Chapter 7 Bankruptcy and Your Tax Return and Refund

bio_burnsWhen filing Chapter 7 bankruptcy, it’s important to understand several things about your tax return and any possible tax refund you may have coming. Bankruptcy law is very specific about how tax return information and tax refunds are to be applied in bankruptcy proceedings, especially if filing under Chapter 7.

As a Maryland bankruptcy attorney, I find that clients often have many misconceptions about tax returns and tax refunds as they pertain to their bankruptcy case. First of all, let me say that if you are trying to time your bankruptcy filing and tax return filing so that you have a nice cash windfall from your tax refund after all your debt is wiped out, forget it. Bankruptcy law requires you to file your most recently due tax return and all prior returns before filing Chapter 7 bankruptcy. Failure to do so will result in rejection of your bankruptcy petition. Similarly, once you file for bankruptcy, the trustee assigned to your case will notify the IRS of your case and any refund due to you for the year in which you file bankruptcy will be sent directly to the trustee for inclusion in your bankruptcy estate.

Why Chapter 7 Bankruptcy Requires Tax Returns to Be Current

Bankruptcy law requires that anyone filing for Chapter 7 bankruptcy be current on their tax returns. This means that if you file for bankruptcy between now and April 2013, you must have your 2011 tax return and all earlier tax returns filed with the IRS. If you file after April 15, 2013, you must also have your 2012 return filed.

Many clients come to my Maryland bankruptcy attorney’s office hoping to file their most recent tax return AFTER they file for bankruptcy. Of course, if you know that you’re going to get a big refund and will either spend it on bills or hand it all over in the bankruptcy, it makes sense that you’d want to put off receiving that refund until the bankruptcy is over in hopes that you get to keep it all. However, bankruptcy law doesn’t work that way.

There are four primary reasons why bankruptcy law requires people to get all their tax returns up to date before filing bankruptcy:

  1. If you owe any back taxes, the IRS wants their share before any unsecured creditors, like credit cards and medical bill collectors, get any of your money.
  2. Bankruptcy court uses your most recent tax returns to determine what your financial situation is and how much you were earning compared to your current earnings.
  3. Creditors are entitled to receive copies of your tax return prior to responding to your petition for bankruptcy.
  4. If you are entitled to a tax refund, Chapter 7 bankruptcy law requires that any portion due to you for a time prior to filing bankruptcy must be included as part of your bankruptcy estate from which the trustee will pay your creditors.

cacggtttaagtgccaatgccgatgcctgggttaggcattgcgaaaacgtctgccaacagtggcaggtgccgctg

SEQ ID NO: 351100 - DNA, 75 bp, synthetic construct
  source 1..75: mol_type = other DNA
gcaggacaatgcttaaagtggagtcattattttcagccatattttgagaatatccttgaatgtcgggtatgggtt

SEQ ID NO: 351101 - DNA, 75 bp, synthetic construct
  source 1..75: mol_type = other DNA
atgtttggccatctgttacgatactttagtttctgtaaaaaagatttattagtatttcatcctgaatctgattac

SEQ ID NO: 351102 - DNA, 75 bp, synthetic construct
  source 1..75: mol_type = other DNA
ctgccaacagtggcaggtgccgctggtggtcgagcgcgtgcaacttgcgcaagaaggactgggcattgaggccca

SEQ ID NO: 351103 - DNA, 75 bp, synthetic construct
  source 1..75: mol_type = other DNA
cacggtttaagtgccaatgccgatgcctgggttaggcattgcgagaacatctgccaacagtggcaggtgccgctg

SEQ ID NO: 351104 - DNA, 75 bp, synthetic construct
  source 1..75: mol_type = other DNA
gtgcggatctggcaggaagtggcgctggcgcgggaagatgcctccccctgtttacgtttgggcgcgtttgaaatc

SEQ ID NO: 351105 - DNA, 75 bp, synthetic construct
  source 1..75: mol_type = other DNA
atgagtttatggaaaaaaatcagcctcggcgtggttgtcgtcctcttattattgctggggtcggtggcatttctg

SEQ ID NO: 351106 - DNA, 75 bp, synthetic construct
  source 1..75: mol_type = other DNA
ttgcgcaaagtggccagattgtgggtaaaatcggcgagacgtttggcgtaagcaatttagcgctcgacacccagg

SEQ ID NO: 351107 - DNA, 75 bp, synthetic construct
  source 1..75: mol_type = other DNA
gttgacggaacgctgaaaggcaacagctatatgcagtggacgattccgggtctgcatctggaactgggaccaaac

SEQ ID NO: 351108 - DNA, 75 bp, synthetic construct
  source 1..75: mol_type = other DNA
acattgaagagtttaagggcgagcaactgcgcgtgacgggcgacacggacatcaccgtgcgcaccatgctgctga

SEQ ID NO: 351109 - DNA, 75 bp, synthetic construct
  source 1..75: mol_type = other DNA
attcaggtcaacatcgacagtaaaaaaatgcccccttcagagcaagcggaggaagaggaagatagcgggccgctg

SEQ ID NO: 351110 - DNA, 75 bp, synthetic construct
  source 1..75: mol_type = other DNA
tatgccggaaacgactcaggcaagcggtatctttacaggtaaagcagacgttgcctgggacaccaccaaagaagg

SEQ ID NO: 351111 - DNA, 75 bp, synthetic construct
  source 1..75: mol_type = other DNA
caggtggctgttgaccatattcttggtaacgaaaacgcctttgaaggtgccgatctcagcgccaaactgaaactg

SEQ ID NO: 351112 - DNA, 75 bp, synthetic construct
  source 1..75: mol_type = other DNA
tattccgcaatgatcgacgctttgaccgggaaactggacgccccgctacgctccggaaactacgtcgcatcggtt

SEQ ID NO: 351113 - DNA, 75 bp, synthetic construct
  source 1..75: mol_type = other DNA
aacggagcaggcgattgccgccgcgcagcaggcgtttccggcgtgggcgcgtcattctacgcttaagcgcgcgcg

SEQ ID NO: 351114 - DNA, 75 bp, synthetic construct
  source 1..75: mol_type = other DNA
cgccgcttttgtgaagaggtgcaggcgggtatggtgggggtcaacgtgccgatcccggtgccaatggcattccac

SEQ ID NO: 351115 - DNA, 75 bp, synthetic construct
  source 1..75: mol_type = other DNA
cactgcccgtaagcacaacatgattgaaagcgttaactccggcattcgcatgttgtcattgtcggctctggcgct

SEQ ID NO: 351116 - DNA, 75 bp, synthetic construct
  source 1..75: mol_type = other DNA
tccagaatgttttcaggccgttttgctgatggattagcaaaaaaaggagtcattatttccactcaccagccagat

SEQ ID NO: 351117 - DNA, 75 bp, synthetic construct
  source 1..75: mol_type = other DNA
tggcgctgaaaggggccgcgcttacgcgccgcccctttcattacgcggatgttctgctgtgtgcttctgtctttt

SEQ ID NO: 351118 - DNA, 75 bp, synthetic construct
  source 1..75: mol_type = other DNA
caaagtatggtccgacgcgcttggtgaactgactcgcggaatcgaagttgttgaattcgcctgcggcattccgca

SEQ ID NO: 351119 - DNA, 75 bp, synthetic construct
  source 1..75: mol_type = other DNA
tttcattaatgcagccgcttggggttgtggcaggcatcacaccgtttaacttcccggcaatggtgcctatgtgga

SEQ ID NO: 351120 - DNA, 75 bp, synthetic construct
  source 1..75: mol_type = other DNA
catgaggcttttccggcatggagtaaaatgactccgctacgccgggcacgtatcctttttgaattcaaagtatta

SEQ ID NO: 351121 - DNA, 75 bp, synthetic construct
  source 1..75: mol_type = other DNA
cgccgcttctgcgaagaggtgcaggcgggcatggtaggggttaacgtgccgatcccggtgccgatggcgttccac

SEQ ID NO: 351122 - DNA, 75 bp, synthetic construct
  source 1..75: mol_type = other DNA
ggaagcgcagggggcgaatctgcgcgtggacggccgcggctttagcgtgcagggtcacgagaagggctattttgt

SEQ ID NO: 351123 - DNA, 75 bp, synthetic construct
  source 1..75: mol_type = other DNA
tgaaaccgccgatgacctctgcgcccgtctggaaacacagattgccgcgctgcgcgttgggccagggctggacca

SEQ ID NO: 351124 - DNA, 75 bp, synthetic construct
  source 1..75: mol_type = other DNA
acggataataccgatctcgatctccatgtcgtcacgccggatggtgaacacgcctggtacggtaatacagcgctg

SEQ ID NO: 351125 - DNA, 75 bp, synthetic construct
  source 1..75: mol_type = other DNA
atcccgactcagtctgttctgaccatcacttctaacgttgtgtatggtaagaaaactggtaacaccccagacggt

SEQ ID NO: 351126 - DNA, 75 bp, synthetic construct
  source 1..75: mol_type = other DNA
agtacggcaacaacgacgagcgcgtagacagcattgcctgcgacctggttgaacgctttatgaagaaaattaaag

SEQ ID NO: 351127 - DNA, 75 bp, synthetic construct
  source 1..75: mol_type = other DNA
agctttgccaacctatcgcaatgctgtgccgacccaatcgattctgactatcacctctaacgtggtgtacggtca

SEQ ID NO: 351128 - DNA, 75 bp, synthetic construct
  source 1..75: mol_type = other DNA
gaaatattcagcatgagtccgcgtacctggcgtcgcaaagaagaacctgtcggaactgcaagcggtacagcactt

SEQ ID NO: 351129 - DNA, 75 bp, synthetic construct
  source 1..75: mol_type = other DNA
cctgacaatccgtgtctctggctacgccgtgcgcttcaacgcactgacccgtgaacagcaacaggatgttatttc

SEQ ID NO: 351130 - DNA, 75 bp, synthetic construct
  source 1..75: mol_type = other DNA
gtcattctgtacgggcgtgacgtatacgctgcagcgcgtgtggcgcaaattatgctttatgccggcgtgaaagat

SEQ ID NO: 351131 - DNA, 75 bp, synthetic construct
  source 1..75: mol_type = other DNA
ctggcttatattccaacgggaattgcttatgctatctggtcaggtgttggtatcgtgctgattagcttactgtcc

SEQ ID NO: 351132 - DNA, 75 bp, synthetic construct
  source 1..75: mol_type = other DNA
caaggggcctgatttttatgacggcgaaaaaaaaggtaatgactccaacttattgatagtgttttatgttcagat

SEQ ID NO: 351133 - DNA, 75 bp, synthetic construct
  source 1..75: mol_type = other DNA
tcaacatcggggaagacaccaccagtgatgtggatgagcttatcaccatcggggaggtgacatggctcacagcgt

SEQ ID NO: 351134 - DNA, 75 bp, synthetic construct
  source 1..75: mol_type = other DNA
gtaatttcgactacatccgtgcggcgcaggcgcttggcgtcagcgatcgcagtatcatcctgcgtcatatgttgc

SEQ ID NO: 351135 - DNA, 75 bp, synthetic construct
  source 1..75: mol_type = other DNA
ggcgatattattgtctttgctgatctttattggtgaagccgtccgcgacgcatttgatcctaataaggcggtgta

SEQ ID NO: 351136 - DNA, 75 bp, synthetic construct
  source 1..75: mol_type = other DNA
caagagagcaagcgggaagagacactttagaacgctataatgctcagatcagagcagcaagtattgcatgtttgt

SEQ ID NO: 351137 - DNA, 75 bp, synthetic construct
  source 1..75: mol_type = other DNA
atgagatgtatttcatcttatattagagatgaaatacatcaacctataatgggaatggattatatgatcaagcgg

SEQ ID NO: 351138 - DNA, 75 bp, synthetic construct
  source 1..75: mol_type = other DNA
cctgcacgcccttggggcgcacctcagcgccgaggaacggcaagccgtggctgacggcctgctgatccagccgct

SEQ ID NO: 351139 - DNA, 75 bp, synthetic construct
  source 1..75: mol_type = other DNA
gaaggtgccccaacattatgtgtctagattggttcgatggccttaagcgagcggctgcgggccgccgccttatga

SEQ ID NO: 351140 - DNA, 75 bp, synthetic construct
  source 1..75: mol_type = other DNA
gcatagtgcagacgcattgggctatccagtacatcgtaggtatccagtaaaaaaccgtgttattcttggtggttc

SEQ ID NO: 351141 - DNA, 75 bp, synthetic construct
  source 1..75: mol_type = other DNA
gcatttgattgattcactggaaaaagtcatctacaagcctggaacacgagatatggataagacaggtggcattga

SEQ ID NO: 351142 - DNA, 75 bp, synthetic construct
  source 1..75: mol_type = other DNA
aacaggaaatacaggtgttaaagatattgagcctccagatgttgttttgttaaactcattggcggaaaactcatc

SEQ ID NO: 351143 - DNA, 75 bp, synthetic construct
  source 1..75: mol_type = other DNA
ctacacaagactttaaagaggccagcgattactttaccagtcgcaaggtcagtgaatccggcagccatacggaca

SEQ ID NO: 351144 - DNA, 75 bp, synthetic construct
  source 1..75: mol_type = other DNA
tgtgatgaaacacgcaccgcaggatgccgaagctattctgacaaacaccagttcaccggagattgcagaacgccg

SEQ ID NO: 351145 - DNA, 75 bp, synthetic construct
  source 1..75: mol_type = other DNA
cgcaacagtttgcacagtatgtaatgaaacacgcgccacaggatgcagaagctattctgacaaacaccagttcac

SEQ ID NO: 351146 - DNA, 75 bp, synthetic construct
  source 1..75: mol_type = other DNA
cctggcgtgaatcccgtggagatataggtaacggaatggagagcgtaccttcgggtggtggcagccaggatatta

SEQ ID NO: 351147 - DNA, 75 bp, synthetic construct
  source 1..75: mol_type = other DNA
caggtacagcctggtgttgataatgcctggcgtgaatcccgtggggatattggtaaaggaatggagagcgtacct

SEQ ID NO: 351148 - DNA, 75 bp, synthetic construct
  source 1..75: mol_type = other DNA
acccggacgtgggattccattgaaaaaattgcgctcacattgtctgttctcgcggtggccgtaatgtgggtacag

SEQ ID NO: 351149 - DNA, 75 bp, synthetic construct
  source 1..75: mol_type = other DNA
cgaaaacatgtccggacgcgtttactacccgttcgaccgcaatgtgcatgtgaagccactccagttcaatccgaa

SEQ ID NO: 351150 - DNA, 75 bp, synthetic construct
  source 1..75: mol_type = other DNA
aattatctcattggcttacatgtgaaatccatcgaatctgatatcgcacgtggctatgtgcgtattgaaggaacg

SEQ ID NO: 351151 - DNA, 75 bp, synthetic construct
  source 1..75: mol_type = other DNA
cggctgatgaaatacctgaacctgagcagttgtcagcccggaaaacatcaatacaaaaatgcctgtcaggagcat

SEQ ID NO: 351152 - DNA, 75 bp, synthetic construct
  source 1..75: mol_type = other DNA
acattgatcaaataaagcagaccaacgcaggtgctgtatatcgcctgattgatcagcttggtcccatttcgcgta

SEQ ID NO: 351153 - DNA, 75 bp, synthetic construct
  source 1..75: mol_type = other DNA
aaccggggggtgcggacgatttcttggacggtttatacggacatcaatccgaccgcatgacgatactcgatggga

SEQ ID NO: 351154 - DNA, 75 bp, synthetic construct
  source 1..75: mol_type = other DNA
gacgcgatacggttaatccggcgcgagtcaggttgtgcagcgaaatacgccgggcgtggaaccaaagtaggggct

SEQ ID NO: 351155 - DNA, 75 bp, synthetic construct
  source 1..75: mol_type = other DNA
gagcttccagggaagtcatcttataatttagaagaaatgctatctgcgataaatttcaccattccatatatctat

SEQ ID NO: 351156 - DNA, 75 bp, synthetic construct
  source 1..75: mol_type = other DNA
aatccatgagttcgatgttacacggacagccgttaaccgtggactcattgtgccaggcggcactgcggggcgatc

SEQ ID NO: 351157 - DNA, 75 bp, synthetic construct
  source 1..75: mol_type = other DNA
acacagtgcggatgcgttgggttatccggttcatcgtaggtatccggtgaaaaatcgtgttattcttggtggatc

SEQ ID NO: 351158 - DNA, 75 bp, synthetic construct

icon_01A note about tax refunds received prior to bankruptcy: If you receive a tax refund prior to filing for bankruptcy and spend it all on a vacation, expensive gifts or other extravagancies rather than using it to pay bills and other living expenses, your bankruptcy trustee may decide that you are abusing the bankruptcy system and could reject your petition. Don’t try to cheat the system.

Chapter 7 Bankruptcy and Your Future Tax Refunds

Some clients who come to my Maryland bankruptcy attorney’s office have the mistaken impression that filing Chapter 7 bankruptcy will mean they forfeit their tax refunds or a portion of them for many years to come. That is not the case. Only refunds relating to income you earned prior to filing for bankruptcy can be applied to your bankruptcy case.

Here’s how this plays out. If you filed for bankruptcy in 2012, your trustee will prorate your refund and keep only the portion due to you for the months preceding your bankruptcy filing date. If you filed on July 1, 2012, which is half way through the year, then 50% of your refund will be applied to your bankruptcy estate and the rest goes to you. If you file in late December of 2012, then all of your tax refund will be included in the bankruptcy.

Tax refunds due to you for years after your bankruptcy filing will not be affected. If you file Chapter 7 bankruptcy in 2012, no portion of your refunds for 2013 or subsequent years will be affected.

Get help understanding how Chapter 7 bankruptcy will affect your tax refund

In Maryland, bankruptcy attorney John Burns can help you understand how Chapter 7 bankruptcy will affect any tax refund you are owed and ensure that all your paperwork and tax returns are in order before filing for bankruptcy. Call our office at 301-441-8780 to schedule an appointment.